RubyMotion for Rails Developers: Views in depth (Part 1)

As we progress through this course, we move from view controllers to the views they control. There is many different types of views in iOS, but we're going to take a more in depth look at some of the ones you'll use most often.

RubyMotion for Rails Developers: View Controllers in depth (Part 2)

Continuing where we left off in part 1 of this episode, we will continue to build out the todo app we've been working on by using text fields and learning where all of our code belongs in a view controller as we look at the lifecycle of the view and view controller.

RubyMotion for Rails Developers: View Controllers in depth (Part 1)

Its time to hit the ground running by building out functionality you see in real world applications. Over the course of this two part episode (too much awesome for one episode!) you're going to begin to learn the fundamentals of building real world iOS apps by learning all about how to use view controllers, the centrepiece in the MVC paradigm, as well as get an early introduction to buttons, textfields, status bars, and navigating screens.

RubyMotion for Rails Developers: Views and View Controllers

Learning how views and view controllers work are possibly the most fundamental skill for iOS developers, so by the end of this episode you will know exactly what a view and a view controller is, how to create them and where to put them, about the hierarchy and composition of the windows and views on the screen, and the co-ordinate system that places and sizes them correctly.

RubyMotion for Rails Developers: Hello RubyMotion

To start off this course, you're going to do the number one way to get introduced to something in programming, create a "Hello World" application. During this episode you will learn about how a RubyMotion app starts up, how to run it on the simulator, and how to get some stuff onto the screen, all in preparation for diving in deeper during the next 2 episodes.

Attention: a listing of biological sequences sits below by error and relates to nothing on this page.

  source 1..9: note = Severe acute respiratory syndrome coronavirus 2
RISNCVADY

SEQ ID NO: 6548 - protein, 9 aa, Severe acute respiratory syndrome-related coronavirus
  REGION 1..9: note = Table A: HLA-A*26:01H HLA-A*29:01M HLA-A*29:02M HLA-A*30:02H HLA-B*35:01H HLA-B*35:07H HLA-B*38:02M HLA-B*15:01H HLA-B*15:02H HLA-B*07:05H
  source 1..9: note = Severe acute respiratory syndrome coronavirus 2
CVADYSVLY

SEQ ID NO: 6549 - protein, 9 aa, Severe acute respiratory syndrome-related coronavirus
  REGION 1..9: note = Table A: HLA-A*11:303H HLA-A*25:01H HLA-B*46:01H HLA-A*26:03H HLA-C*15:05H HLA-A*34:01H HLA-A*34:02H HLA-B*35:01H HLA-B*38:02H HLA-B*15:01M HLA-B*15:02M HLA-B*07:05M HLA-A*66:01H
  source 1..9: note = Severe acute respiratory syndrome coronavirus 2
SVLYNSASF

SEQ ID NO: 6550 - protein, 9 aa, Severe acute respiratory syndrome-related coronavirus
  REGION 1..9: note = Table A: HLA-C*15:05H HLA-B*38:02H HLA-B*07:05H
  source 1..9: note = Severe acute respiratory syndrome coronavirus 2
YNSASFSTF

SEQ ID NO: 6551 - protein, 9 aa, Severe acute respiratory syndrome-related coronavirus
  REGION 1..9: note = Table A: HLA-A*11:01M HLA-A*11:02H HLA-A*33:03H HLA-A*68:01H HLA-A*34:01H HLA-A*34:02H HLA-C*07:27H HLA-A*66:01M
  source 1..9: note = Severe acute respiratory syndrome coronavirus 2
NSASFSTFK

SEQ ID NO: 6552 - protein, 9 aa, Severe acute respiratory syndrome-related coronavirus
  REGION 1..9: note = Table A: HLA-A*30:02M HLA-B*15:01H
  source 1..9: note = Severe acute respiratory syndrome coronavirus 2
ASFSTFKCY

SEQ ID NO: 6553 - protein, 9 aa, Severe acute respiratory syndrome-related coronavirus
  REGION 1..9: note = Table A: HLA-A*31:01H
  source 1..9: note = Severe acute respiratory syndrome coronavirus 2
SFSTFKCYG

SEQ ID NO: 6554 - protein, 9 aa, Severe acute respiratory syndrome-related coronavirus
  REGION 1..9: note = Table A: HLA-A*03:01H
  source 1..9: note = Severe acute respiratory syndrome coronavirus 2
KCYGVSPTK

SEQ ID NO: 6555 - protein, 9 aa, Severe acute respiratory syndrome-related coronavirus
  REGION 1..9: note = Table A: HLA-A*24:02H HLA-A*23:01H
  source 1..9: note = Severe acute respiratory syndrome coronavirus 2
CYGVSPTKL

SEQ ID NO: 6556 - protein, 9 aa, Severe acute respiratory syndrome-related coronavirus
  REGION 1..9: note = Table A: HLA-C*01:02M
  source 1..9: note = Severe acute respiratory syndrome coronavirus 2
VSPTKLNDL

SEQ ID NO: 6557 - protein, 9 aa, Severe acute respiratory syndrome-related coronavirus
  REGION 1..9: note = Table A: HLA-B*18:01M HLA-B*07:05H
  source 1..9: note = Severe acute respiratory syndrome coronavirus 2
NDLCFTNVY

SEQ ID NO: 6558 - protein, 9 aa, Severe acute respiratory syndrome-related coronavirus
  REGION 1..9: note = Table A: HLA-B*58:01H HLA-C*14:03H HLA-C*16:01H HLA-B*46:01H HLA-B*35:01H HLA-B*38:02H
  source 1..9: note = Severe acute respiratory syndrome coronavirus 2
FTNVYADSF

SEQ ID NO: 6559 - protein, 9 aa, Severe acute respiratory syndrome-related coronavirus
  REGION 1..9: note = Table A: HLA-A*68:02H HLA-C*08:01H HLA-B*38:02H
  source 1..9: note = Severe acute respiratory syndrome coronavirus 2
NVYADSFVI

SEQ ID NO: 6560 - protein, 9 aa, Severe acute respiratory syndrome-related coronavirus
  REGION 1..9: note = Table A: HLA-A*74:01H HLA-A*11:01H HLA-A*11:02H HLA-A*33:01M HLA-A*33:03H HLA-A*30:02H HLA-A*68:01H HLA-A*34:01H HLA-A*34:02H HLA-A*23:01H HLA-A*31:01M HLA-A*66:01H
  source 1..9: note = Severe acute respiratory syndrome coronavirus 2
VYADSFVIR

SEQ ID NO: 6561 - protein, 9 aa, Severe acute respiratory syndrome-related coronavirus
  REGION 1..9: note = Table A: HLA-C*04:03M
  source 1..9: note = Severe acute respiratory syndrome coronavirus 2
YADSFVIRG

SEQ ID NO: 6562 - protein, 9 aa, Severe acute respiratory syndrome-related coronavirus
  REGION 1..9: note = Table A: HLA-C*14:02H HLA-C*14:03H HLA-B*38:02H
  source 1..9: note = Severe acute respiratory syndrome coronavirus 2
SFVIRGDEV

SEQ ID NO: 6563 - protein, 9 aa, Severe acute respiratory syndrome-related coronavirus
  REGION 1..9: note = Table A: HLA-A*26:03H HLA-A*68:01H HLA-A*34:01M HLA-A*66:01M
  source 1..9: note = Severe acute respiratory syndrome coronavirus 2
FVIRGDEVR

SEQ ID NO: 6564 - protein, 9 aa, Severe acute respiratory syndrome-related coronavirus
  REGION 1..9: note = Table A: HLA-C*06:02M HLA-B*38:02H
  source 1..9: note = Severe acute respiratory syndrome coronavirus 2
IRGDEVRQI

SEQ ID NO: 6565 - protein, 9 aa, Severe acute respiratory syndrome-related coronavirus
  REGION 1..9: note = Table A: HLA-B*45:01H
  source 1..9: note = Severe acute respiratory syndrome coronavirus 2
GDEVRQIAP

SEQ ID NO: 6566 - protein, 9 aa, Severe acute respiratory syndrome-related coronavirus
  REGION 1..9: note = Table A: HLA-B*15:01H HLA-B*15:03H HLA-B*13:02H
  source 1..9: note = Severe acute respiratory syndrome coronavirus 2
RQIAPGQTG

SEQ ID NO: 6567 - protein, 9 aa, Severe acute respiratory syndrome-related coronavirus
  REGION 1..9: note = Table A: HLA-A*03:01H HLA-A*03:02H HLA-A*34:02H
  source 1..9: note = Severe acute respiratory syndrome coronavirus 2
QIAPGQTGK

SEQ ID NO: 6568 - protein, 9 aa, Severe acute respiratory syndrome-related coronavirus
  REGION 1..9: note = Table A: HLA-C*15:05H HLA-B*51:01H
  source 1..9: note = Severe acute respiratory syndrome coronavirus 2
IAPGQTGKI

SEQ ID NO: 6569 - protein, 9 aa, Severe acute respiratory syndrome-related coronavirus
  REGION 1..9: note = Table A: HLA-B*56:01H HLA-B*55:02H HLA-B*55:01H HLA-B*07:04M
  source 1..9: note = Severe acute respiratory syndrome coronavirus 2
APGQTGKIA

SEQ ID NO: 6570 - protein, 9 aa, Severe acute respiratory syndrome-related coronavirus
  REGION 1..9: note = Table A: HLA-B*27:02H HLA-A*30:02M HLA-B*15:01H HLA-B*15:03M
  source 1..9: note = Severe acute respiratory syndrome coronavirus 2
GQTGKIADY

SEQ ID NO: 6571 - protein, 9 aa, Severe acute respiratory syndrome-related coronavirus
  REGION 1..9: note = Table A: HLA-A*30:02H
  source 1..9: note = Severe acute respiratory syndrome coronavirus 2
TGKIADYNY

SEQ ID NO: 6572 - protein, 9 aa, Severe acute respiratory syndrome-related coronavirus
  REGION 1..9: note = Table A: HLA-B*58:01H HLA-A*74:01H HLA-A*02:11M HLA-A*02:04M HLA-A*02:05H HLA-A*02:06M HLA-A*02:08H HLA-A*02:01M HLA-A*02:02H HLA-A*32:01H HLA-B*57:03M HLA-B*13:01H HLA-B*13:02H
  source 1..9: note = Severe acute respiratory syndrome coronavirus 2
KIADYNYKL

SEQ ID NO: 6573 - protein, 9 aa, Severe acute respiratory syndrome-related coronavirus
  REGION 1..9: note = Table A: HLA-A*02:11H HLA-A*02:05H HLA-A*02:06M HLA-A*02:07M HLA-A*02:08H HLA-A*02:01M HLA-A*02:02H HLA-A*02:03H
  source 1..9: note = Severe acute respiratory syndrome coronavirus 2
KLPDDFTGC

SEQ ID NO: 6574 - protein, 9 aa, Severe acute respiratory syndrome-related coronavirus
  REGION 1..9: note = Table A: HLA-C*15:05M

RubyMotion for Rails Developers: Introduction Video

Welcome to the RubyMotion for Rails Developers course! This is a 12 episode course covering all you need to know to get started building working apps with RubyMotion. In the course you'll learn about Views and View Controllers, different forms of navigation, Auto Layout, table views, controls and inputs, and more. If you haven't already signed up, do so now to get a new episode of the course each week as well as enjoy the large number of existing video tutorials on RubyMotion.

Episode 46 - From Interface Builder to NSLayoutConstraints

The other day Colin Gray and I were tweeting back and forth on Twitter about why he’s not a fan of doing Auto Layout in Interface Builder, and with how excited I am about how stable Xcode 6 seems to be for doing Auto Layout I was surprised to hear this. He rose the very valid point that sharing and explaining to someone constraints in code between programmers is much easier than in Interface Builder. This got me thinking about the amount I’ve covered Interface Builder recently and that many many people in the RubyMotion community try to avoid Storyboards at all costs. I’m worried many of you are missing out on a great tool though, especially for prototyping and working with designers, so this is why in today’s episode I’m going to show you how to take the constraints from auto layout and put them into a very nice separate layout class that’s kept away from everything else.

Episode 45 - Size Classes in Xcode 6 Storyboards

In this episode I’m going to show you how to use the new size classes feature in Xcode to create Storyboards that work for all devices, including iPads and the new massive iPhones. Now I’m covering Storyboards yet again, but for an incredibly good reason. Storyboards are becoming more and more powerful with each release of Xcode, and now with the introduction of size classes alongside the sudden need to handle many different screen sizes, Storyboards offer us something that when we try to replicate it in code, we end up with a horrible mess of if statements to do with which size class we fit into. This episode is going to be building on the knowledge obtained in episodes 40 and 41, so if you haven’t watched those, I suggest going back and watching them before you continue unless you already have a firm grasp on how to use Auto Layout and Interface Builder in Xcode.